"I don't think it's so much educating the women, we have to educate the boys and make them understand how to protect us as well.

"For guys to understand how intimidating this really is. It could be your mother or your sister, it could be anybody at the end of the day. We have to all understand the fear factor of how women feel."

Thinking of where her strength to confront her stalker came from, Stoute revealed her harrowing story of sexual assault as a 14-year-old...

"This is going really quite deep, because of this whole thing about women and being intimidated. I will tell you the reason why I was so strong, but I've not really made it public. When I was younger, I was sexually assaulted.

"When I was 14, I was sexually assaulted when I was back in Barbados by a family member. And it was the darkest time of my entire life. At that age, I tried to commit suicide.

"The craziest thing for me, I think, is if I had succeeded, I would have been a troubled child who couldn't control herself. But I remember when I made the Olympic Games in 1988, and I was crying my eyes out. I was just taken aback by the whole scenario.

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Introducing Sky Sports' new series 'Real Talk' in which athletes share their inspirational stories on issues of health, mental wellbeing and personal safety

"A man assaulted me, and my whole family went against me, because it was somebody who was in the family. And then when I look at it now, I think it's the reason I'm so strong about myself and about my girls.

"When I look back, and I look at all the intimidation I've had, and how I stand up for myself, it all stems from what happened to me as a girl that I will never let happen to me again.

"I've never told anyone. It's life, though, isn't it?

"I'm not a victim. I don't say: 'Oh my God, my life can be so different.' I believe all things I've gone through in my life have got me to where I am, and I love who I am now.

"But I will always be strong about who I am and where I'm going. I will never allow somebody to take me out because I could have taken myself out when I was younger, and I didn't. So I have a right to be here."

Sarah McDonald: I froze in the moment, and went into shock

"It was just a Wednesday in March and it was daylight in the morning and I was warming up for a session. I wasn't alone, I had someone on the bike behind me, but probably about 50 metres behind because we'd have to negotiate a little gate in the canal.

"Before I knew it, two guys on a moped came from behind and grabbed my bum and started shouting horrible things at me, and I don't even remember what they said. I kind of just froze in that moment.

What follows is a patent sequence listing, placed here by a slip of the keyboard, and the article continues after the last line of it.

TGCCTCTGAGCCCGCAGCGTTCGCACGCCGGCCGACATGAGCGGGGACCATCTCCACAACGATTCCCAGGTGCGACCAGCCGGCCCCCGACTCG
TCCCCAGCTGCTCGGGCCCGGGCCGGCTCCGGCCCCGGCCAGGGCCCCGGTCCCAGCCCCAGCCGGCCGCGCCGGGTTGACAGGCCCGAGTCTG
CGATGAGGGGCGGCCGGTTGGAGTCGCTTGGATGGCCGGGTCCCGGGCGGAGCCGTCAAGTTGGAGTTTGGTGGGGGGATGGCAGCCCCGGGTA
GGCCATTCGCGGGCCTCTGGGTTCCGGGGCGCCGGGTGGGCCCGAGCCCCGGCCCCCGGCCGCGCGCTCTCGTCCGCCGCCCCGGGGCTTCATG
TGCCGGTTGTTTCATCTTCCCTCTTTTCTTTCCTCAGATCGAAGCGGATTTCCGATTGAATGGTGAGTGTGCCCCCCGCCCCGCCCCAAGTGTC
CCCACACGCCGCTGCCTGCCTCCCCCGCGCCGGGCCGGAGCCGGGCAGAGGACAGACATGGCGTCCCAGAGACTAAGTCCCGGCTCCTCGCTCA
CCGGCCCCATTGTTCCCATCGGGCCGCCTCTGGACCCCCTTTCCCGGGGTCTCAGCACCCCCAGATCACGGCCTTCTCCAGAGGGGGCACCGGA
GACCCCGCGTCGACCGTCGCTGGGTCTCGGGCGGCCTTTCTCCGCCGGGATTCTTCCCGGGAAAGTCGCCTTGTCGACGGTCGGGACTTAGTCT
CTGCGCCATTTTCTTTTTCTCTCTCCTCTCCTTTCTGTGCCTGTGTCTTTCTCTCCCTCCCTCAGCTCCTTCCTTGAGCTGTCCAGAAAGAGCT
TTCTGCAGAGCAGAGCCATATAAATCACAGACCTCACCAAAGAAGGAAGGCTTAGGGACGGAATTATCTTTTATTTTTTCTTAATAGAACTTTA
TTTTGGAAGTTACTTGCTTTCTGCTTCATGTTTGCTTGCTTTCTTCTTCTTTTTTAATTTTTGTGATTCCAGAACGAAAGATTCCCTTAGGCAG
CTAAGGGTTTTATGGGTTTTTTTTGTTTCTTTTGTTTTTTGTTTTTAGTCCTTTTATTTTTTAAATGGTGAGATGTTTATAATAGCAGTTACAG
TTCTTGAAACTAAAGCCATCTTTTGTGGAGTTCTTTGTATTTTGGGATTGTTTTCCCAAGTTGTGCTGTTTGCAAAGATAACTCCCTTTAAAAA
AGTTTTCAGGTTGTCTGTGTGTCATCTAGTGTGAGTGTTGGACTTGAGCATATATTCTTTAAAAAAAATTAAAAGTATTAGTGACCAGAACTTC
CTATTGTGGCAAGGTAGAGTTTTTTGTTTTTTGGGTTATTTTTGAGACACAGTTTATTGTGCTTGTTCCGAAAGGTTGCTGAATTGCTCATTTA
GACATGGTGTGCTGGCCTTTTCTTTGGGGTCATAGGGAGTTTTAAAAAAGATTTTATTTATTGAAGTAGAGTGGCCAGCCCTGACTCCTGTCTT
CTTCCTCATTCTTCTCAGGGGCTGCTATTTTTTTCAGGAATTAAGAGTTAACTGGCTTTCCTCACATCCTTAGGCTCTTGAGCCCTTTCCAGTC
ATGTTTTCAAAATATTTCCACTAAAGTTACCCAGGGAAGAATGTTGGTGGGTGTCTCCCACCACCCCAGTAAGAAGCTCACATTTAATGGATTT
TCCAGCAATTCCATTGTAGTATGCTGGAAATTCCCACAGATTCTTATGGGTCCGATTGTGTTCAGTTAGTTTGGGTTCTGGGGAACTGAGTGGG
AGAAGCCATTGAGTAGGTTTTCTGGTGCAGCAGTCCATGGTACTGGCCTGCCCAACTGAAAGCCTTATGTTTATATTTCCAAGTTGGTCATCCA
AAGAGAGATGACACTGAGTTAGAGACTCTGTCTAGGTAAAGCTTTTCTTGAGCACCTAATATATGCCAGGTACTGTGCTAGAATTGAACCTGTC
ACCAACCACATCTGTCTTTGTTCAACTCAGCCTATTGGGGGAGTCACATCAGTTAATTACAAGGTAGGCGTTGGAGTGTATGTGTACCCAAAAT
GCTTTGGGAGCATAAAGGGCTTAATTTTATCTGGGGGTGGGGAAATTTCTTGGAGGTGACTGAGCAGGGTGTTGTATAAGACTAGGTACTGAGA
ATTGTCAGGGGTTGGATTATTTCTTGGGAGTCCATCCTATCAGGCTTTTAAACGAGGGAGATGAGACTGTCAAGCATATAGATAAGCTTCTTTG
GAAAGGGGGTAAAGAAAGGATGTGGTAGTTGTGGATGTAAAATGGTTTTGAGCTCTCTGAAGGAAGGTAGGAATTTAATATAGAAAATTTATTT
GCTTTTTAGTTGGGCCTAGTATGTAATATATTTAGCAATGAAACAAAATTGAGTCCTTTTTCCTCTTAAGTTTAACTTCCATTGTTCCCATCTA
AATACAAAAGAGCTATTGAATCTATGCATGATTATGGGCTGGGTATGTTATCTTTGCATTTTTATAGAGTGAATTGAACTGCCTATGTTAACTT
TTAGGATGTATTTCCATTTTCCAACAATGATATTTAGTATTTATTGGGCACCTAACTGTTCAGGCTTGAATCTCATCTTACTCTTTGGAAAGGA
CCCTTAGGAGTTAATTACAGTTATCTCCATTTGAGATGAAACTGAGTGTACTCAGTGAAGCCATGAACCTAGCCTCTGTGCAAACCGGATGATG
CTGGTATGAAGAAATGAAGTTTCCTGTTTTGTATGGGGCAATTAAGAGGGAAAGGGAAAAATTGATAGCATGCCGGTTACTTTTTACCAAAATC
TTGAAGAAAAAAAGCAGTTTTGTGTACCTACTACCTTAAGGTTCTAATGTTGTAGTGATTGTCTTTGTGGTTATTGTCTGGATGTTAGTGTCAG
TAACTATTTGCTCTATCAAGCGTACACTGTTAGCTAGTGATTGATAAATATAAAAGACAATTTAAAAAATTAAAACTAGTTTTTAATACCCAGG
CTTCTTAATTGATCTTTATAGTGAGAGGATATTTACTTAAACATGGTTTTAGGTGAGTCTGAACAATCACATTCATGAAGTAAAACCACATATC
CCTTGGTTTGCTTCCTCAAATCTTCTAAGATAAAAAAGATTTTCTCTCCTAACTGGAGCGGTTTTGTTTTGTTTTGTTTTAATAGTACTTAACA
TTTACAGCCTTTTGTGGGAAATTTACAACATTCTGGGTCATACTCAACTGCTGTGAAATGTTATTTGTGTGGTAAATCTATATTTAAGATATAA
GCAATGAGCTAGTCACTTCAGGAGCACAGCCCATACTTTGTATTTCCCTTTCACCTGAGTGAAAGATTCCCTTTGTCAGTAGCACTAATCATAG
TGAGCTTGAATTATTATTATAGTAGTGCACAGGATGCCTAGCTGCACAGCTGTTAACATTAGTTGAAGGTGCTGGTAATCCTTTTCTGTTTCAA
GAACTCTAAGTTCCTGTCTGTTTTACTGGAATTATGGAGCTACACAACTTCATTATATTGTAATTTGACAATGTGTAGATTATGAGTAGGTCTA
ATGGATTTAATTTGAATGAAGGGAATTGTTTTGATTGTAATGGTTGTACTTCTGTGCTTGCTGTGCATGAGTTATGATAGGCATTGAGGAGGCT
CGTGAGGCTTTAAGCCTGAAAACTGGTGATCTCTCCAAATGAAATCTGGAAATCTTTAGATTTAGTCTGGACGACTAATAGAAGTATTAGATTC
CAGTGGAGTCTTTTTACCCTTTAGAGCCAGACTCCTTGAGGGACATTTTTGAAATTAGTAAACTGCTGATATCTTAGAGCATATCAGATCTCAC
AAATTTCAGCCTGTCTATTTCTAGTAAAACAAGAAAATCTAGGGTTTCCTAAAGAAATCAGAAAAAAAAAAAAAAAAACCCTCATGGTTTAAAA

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Speaking on Sky Sports' Real Talk podcast, middle-distance runner Sarah McDonald discusses suffering a sexual assault while training and the impact it had on her life. (Warning: video contains content some users may find distressing)

"Everything everyone tells you about being assaulted was true. I just didn't know what to do. Thankfully, the person I was with shouted from behind and they then sped off in the distance. But it took me a good few minutes to actually realise what had happened and I kind of went into shock for a little while.

"I still somehow did my session as normal and it wasn't until I got home, really, I reflected on what had happened.

"I think the scary thing for me was that I wasn't alone and it was the fact I wasn't alone that stopped them. Actually thinking about what could have happened, that's what scared me.

"It really did impact my life, and running is my life. I spoke up about it at the time because I knew of people who would never run again or run alone again as a consequence of what happened. So I just wanted to raise awareness to stop this happening. But I don't know how that can ever stop, really.

"It did kind of take away the freedom [of running]. Normally you would go for a run and it would clear your head and you wouldn't have to think about anything.

Sarah McDonald
Image: McDonald is currently training with a view to representing Team GB at the 2024 Paris Olympics

"Running is my job and it's like my livelihood, and it made that really stressful and took away the beauty and simplicity of running.

"You wouldn't shout at someone just walking the dog, so why shout at someone running? And it does make you think about your outfit choices.

"When I was younger, I used to wear tight lycra shorts all the time, wherever I was. But now I'd wear something a bit more conservative, like leggings or baggier shorts.